As a community, how can we remove the systematic and systemic practices that perpetuate poverty and reduce food system equity? There is no single solution; however, a number of organizations in Buncombe, Haywood, Henderson, Madison, and Transylvania counties devote themselves to tackling the underlying causes of inequity and provide assistance to tens of thousands of individuals and families in need each year. Examples of a few include the following:
Addressing scarcity with the Society of St. Andrew (SoSA)
There are thousands of families in WNC that suffer from hunger and rely on social assistance programs to obtain food to feed themselves and their families. The Society of St. Andrew is a group that works with local farms and food banks to make sure that fresh produce is an available and accessible option for these families. This Christian hunger ministry operates a statewide, volunteer-driven gleaning network in both North and South Carolina. The Society of St. Andrew estimates that its North Carolina Gleaning Network salvages over five million pounds of fresh produce for the hungry each year from farms and farmers markets, and that more than 143 million pounds of fresh produce have reached people in need in North Carolina and South Carolina since they opened a North Carolina regional office in 1992.
Addressing wage inequity with Just Economics
According to the Massachusetts Institute of Technology’s Living Wage Calculator, the estimated living wage for residents of the five counties is, at a minimum, 22 percent higher than our state’s minimum wage of $7.25 per hour.
Individuals and families struggling to maintain financial security face increased challenges when it comes to obtaining a nutritious and diverse diet. Limited finances restrict where families are able to shop and what they can buy. Costs associated with transportation and time management further limit the accessibility of healthy food. This is why the Asheville-based group Just Economics launched its Living Wage Certification program, a campaign to promote employers who pay their workers a living wage. Over the past two years, Just Economics has certified over 300 local businesses and has provided outreach and education opportunities for low-wage workers, low-income persons, students, policy makers, and business owners on the importance of paying a living wage to support a just and sustainable economy. Their policy advocacy has resulted in Asheville City Council’s 2007 passage of a living wage ordinance for city workers, which was followed in 2012 by a similar ordinance for employees of Buncombe County.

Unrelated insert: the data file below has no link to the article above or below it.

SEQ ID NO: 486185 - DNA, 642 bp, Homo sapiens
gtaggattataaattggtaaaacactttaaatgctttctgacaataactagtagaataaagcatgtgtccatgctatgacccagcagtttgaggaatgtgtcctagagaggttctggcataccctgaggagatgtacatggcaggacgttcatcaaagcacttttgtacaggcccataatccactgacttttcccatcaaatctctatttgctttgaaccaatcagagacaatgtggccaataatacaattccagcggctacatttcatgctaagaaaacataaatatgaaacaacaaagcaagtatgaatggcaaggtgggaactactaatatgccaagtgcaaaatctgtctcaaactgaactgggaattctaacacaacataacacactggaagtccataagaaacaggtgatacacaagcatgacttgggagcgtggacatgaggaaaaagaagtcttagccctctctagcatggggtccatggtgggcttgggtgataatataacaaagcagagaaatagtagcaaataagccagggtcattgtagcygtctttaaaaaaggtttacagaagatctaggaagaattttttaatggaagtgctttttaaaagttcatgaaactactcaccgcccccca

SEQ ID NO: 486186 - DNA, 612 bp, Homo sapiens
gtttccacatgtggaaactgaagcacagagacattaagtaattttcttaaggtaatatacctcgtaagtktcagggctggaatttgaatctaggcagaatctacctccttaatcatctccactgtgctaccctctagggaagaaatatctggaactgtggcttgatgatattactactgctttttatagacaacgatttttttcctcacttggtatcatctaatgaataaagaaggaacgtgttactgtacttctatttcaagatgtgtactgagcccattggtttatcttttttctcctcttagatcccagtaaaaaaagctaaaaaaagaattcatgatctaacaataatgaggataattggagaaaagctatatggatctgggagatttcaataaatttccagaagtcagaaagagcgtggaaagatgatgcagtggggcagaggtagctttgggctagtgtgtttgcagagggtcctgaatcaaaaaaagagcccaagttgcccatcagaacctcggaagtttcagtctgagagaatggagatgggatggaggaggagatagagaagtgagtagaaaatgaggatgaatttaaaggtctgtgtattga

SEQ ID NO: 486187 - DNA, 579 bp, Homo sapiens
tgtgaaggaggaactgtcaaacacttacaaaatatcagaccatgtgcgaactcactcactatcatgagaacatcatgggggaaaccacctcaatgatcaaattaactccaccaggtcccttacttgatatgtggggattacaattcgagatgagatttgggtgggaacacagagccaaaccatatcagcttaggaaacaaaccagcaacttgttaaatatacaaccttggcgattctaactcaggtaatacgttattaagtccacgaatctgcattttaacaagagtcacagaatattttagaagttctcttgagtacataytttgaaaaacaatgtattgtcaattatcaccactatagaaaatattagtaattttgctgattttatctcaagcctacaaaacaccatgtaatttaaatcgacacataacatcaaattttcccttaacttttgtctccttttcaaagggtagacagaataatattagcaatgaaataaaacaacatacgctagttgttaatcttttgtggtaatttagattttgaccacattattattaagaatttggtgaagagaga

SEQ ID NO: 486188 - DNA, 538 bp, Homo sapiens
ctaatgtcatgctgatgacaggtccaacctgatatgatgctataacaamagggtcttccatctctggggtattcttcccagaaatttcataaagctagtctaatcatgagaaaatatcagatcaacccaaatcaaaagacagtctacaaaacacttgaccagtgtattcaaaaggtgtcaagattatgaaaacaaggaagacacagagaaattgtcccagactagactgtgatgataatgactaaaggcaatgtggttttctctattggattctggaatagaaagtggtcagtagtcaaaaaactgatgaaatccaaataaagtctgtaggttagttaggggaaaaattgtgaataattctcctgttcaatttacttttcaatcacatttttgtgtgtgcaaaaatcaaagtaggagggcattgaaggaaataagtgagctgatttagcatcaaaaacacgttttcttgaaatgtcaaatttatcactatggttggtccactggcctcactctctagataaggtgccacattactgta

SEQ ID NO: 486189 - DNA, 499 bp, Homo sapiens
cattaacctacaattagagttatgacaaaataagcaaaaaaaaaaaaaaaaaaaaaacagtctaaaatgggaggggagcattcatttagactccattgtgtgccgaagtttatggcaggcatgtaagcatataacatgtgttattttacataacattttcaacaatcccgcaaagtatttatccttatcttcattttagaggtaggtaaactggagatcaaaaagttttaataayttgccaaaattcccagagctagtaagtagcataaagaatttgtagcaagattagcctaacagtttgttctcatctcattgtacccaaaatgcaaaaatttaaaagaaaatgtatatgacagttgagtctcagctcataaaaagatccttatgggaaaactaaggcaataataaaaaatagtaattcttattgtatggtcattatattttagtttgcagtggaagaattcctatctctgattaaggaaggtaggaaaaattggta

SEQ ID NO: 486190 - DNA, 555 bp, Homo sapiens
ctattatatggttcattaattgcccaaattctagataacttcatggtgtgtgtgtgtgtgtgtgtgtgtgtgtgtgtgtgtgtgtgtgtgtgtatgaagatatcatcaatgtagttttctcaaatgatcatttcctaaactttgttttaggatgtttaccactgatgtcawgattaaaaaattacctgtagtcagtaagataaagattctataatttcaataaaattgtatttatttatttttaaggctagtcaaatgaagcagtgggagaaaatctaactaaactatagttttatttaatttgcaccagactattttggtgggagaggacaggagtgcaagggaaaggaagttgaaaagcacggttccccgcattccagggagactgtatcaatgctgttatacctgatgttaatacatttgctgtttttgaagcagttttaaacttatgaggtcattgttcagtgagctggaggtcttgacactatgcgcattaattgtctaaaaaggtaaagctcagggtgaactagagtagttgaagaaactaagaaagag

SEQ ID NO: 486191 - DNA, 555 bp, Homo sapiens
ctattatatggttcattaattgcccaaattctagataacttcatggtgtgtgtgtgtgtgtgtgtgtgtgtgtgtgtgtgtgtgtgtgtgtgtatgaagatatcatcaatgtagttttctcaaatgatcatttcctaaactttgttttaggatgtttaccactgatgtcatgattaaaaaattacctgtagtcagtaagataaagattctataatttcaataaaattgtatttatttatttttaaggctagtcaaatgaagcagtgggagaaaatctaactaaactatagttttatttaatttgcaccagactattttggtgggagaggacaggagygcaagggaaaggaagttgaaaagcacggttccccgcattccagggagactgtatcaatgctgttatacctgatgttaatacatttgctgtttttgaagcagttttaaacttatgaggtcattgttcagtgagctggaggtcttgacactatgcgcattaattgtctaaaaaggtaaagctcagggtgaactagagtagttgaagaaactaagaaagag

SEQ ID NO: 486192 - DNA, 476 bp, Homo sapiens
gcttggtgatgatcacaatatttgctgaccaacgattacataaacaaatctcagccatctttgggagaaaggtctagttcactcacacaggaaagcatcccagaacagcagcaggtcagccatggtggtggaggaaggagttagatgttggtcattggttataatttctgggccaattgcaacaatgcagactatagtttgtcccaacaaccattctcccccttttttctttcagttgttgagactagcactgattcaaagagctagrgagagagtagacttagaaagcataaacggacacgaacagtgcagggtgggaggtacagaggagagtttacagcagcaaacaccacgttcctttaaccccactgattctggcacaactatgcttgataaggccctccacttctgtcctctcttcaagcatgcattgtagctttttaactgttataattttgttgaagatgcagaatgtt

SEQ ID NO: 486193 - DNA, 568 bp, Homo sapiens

Addressing equitable treatment with the Land Loss Prevention Project and Pisgah Legal Services
Historically, WNC has seen systematic discrimination against the poor and minorities when it comes to land rights and land access. Like so many other social injustices, poorer neighborhoods and neighborhoods dominated by ethnic minorities are disproportionately the target of environmental and land access injustices. Landfill sitings, hazardous waste dumping, land retention (including farmland), and the siting of industrial facilities all affect residents’ ability to live in a clean, safe environment, one that can produce healthy edible products and support local economic development.
Founded in 1982, the Land Loss Prevention Project was begun in North Carolina by the Association of Black Lawyers to curtail the epidemic loss of black-owned land in the state. Today, the organization advocates for limited resource, minority, and financially distressed farmers to help them develop sustainable agricultural practices and to help communities fight against environmental abuses. In hundreds of cases, the organization’s free legal assistance and public policy advocacy has helped to connect farmers to the resources they need to endure through crises and keep their land.
Since 1978, Pisgah Legal Services has worked in WNC to provide free civil legal aid to very low-income and vulnerable residents to help them meet their most urgent needs of housing, safety from abuse, health care, and income. Along with the Mountain Area Volunteer Lawyers (MAVL) Program, Pisgah Legal Services is able to coordinate a network of more than 300 volunteer lawyers to provide pro bono legal services to improve the systems and policies that impact the lives of thousands of low-income people in WNC, many of whom work in the low-wage food industry jobs of our region. This includes helping the area’s many foreign-born migrant workers comply with technical requirements to work legally and become citizens. For 2013 Pisgah Legal Services estimates that it secured more than $25,316,000 in quantifiable benefits for their clients, including home equity saved from foreclosure, child support for victims of domestic violence, Medicaid benefits payable to local medical providers, and subsistence income for disabled individuals.
See more from the LOSRC/ASAP/NEMAC project:
- Engaged Communities
- Diversity of Independent Local Food Businesses
- Equitable and Fair Food System